One day during my “learning season” of riding, my husband led us on a ride through a campground that we knew had some lakefront real estate on the far side. What we didn’t know was that the access to the river was done a steep, gravel hill – and not firm-packed dirt, but good loose rocks. Not wanting to appear to be a chicken, I loosened my grip on the bars (so I wouldn’t over-steer) and rode down the hill without complaint. It was an unexpected opportunity to address a particular circumstance, and I passed the test with flying colors.
Beginning riders usually have a lot of questions about how to handle specific riding situations, so here are a few tips for those times when a new experience is unavoidable.
Night-time riding – become extra aware of the road ahead. You should always be looking about 12 seconds down the road, even in daylight, but at night seeing farther ahead becomes critical so you spot any animals or anything like that along the highway. Additional lighting on your bike (such as a light bar) might also help you see and be seen. Finally, pack a pair of clear goggles or glasses in your for or saddle bag so you don’t get stuck wearing sun glasses at night. It worked for Corey Hart in the 80’s – it doesn’t work for you on the bike!
Windy conditions – Moving through the wind is always going to be a factor on the bike, but when gusts are strong or steady above 15 mph, it really gets noticable. Adding a windshield to the bike can prevent headwinds from hitting you hard in the chest and face, but what’s really critical is dealing with crosswind. When crosswinds are strong, it’s important to understand how passing traffic will affect the degree to which you are buffeted (moved around by) the wind. It can be pushing you hard to one side of the lane, but the moment a car or truck goes past you it takes away that force and you will get “tossed” quickly back to the other side of the lane. Experience is really the only way to learn how your bike responds and how much to compensate.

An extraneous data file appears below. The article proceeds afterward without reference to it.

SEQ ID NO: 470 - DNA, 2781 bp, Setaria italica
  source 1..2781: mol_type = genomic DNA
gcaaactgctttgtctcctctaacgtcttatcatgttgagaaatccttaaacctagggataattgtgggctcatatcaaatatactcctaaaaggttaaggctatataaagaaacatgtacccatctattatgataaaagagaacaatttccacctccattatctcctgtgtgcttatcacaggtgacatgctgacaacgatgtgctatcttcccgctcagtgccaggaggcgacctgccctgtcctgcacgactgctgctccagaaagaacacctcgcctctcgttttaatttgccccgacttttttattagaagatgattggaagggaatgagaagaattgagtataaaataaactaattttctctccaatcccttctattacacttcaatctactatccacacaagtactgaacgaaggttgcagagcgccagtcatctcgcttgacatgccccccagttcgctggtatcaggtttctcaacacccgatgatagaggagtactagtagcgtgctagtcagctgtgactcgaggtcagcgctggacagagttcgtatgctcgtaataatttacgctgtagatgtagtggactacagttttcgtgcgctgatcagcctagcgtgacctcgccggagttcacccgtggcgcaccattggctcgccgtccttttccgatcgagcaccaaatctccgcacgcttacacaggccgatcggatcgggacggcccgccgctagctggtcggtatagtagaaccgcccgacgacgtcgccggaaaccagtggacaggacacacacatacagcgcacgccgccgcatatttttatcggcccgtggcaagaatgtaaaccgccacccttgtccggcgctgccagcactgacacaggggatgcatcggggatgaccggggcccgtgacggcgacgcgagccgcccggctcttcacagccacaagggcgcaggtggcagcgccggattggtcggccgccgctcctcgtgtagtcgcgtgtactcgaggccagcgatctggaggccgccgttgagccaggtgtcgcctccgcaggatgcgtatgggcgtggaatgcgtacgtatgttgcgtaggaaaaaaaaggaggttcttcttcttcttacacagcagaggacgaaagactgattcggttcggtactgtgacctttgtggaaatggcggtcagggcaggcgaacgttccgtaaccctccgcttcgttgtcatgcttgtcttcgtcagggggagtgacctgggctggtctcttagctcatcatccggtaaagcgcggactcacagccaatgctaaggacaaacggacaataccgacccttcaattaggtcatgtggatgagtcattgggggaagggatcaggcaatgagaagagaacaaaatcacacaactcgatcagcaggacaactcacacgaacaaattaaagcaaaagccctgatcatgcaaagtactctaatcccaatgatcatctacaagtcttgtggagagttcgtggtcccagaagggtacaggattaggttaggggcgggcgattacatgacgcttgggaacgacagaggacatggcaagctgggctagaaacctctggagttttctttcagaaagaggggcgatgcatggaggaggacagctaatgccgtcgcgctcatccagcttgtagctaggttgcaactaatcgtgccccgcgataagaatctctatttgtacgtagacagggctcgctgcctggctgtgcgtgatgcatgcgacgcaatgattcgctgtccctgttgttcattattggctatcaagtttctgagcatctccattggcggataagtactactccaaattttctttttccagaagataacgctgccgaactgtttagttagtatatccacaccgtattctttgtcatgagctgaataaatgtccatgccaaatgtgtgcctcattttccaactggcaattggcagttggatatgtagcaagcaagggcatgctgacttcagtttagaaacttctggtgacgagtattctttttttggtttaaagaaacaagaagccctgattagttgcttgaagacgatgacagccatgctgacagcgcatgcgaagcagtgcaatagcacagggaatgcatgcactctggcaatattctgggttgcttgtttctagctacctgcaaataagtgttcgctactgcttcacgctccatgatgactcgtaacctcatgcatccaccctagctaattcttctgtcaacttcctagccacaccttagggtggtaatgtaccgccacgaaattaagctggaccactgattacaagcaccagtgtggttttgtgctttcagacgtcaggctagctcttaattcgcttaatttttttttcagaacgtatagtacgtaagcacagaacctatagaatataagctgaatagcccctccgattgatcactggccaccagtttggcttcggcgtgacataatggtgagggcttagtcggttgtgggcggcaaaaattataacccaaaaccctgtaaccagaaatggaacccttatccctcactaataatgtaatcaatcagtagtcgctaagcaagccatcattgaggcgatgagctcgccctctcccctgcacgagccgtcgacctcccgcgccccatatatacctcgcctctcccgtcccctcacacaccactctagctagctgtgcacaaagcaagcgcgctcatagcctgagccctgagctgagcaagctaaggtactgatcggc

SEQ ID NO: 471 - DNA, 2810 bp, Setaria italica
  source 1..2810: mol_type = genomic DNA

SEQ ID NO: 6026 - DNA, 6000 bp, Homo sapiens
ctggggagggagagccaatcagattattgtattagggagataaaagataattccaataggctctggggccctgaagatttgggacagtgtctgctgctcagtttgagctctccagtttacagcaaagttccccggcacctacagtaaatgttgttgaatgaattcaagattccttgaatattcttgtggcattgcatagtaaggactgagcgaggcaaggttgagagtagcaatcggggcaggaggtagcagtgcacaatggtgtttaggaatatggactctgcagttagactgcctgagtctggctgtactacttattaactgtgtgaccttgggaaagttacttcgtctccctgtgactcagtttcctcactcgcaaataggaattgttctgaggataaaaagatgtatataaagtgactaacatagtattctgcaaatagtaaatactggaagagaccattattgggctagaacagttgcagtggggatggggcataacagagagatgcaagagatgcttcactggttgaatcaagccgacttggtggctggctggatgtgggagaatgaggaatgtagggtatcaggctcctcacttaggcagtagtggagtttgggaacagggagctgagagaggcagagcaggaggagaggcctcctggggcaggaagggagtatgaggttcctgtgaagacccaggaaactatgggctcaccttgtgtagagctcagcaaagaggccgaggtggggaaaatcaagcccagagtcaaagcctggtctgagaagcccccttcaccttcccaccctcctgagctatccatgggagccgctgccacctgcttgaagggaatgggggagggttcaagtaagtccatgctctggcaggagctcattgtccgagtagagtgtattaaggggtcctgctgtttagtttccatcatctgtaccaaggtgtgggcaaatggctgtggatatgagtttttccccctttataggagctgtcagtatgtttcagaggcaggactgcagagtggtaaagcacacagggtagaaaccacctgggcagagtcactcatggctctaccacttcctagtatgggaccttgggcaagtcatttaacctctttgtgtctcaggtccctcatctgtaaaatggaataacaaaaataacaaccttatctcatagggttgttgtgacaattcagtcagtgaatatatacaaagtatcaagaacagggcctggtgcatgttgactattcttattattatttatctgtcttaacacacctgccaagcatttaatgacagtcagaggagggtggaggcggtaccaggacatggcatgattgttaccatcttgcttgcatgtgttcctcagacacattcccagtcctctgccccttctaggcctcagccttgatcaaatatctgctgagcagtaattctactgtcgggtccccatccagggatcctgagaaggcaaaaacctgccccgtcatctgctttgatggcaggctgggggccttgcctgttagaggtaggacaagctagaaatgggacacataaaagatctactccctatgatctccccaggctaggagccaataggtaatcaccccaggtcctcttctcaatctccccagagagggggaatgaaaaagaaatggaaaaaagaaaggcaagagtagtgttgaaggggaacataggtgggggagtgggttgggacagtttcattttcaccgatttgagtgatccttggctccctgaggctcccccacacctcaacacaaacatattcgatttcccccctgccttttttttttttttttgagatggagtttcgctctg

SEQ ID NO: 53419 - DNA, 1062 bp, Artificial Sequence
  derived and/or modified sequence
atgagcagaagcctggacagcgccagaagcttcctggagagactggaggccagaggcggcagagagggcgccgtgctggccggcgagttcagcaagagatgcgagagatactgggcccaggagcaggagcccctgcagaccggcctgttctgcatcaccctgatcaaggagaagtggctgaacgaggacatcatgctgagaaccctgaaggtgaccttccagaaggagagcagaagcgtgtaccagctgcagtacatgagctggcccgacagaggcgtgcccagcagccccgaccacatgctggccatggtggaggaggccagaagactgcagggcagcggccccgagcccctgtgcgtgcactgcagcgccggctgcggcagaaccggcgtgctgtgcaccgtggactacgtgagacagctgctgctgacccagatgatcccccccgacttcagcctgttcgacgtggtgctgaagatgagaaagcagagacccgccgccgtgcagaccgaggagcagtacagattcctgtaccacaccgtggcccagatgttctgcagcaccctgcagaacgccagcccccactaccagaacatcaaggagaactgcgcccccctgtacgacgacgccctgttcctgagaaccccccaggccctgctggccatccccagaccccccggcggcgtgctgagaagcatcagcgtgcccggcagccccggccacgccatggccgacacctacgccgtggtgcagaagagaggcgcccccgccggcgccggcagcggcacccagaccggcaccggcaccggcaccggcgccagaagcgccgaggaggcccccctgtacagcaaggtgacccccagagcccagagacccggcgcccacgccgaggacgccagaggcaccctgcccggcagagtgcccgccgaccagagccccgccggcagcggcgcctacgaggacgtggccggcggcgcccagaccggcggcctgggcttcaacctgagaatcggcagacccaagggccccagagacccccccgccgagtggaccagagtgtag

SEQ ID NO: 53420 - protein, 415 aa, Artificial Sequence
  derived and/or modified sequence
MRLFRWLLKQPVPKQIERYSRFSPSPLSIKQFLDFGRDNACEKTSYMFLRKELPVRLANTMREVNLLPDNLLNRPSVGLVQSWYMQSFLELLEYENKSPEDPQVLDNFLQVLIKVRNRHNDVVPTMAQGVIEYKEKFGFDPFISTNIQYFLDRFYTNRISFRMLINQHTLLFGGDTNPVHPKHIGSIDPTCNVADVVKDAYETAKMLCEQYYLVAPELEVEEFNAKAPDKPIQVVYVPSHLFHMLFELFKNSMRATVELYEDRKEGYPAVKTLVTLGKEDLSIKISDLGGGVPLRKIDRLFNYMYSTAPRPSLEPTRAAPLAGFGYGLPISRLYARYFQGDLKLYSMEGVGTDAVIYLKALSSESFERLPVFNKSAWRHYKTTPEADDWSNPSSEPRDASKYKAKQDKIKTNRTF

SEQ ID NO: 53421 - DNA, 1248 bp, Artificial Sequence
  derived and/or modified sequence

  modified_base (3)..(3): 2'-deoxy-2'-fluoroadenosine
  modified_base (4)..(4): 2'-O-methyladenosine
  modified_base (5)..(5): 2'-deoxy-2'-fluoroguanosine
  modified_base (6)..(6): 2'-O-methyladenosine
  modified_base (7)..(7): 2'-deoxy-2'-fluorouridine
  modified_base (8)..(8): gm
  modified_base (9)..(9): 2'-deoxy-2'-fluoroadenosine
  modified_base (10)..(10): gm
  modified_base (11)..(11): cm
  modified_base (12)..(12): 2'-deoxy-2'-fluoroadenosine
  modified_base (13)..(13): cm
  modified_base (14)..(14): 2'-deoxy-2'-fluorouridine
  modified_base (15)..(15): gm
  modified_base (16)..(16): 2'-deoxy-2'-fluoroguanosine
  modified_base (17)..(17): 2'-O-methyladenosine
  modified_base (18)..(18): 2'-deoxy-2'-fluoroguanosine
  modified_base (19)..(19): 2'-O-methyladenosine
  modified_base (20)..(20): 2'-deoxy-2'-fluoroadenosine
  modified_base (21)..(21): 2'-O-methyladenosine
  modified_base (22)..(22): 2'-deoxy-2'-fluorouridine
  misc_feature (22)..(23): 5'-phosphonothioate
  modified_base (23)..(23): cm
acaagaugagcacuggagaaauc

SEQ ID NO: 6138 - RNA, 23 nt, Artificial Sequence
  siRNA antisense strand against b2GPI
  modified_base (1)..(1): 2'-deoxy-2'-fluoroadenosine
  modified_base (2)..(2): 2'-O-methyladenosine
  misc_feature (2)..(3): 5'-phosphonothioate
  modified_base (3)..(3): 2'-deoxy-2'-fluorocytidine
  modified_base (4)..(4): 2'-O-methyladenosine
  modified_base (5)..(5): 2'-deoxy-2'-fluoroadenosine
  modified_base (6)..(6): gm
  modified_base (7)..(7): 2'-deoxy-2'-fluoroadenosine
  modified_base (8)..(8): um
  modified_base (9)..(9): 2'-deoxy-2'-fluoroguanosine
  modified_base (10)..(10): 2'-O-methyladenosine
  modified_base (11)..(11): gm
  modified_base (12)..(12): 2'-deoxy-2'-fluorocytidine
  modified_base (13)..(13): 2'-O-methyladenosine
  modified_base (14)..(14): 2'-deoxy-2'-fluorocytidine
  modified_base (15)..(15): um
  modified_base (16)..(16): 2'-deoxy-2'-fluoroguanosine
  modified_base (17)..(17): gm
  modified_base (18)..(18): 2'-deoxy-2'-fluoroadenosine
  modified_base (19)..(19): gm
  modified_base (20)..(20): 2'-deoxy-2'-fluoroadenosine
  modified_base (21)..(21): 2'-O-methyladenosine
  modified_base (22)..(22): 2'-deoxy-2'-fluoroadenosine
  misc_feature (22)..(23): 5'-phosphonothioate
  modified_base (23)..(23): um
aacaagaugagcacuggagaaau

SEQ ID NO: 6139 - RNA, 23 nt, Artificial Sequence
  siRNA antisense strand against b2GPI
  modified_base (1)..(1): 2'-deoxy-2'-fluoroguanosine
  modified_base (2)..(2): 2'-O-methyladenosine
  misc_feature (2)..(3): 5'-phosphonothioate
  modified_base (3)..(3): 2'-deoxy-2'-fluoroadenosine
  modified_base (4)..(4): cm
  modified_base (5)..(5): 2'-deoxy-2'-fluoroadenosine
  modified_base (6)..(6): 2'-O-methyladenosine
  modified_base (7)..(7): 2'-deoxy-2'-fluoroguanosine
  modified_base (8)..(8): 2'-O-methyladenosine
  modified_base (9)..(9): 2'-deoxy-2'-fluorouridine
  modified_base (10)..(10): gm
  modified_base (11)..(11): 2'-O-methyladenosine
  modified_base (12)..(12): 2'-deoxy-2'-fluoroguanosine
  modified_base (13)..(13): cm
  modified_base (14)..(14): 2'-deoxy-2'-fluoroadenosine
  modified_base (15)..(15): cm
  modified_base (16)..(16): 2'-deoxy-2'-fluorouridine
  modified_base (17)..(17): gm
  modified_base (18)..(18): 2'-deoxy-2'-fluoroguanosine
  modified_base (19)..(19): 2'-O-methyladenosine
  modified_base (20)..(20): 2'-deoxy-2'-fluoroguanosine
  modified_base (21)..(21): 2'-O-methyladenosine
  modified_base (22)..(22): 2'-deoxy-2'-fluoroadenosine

Tired butt – Most folks will complain that their butt hurts if they’ve been riding all day. But some bikes have really crappy stock seats that make even shorter rides uncomfortable. The problem could certainly be your riding position, so make sure the bike fits you in terms of handlebar reach and seat height. But also consider a new seat with a backrest or firmer foam. If that’s not practical, you may find yourself stopping more frequently just to get off the bike to walk around a bit. That’s okay too, you just have to figure the stops into your time schedule.
Rain – It’s gonna happen. Sooner or later you’re going to get caught in the rain, be it a light shower or an all-out downpour. If it gets to the point where visibility is limited, you should try to find a safe place to pull over. Try to pick a place where the bike will not be parked at an odd angle (like on the downward-sloped shoulder of a highway, or in mud). A rain suit is a smart bit of gear to keep with you; these days a quality suit can be very lightweight and can fold up to the size of a small clutch purse. And, if you don’t have a full-face helmet, you can fold and tie a bandana around your nose and chin, outlaw-style, to keep the “truck wash” off and the rain drops from stinging. Finally, remember that the first few minutes of a rainstorm are the most dangerous because the rain is getting the oil and road-gunk all wet, and making it even more slippery than the wet road might be after it all washes off.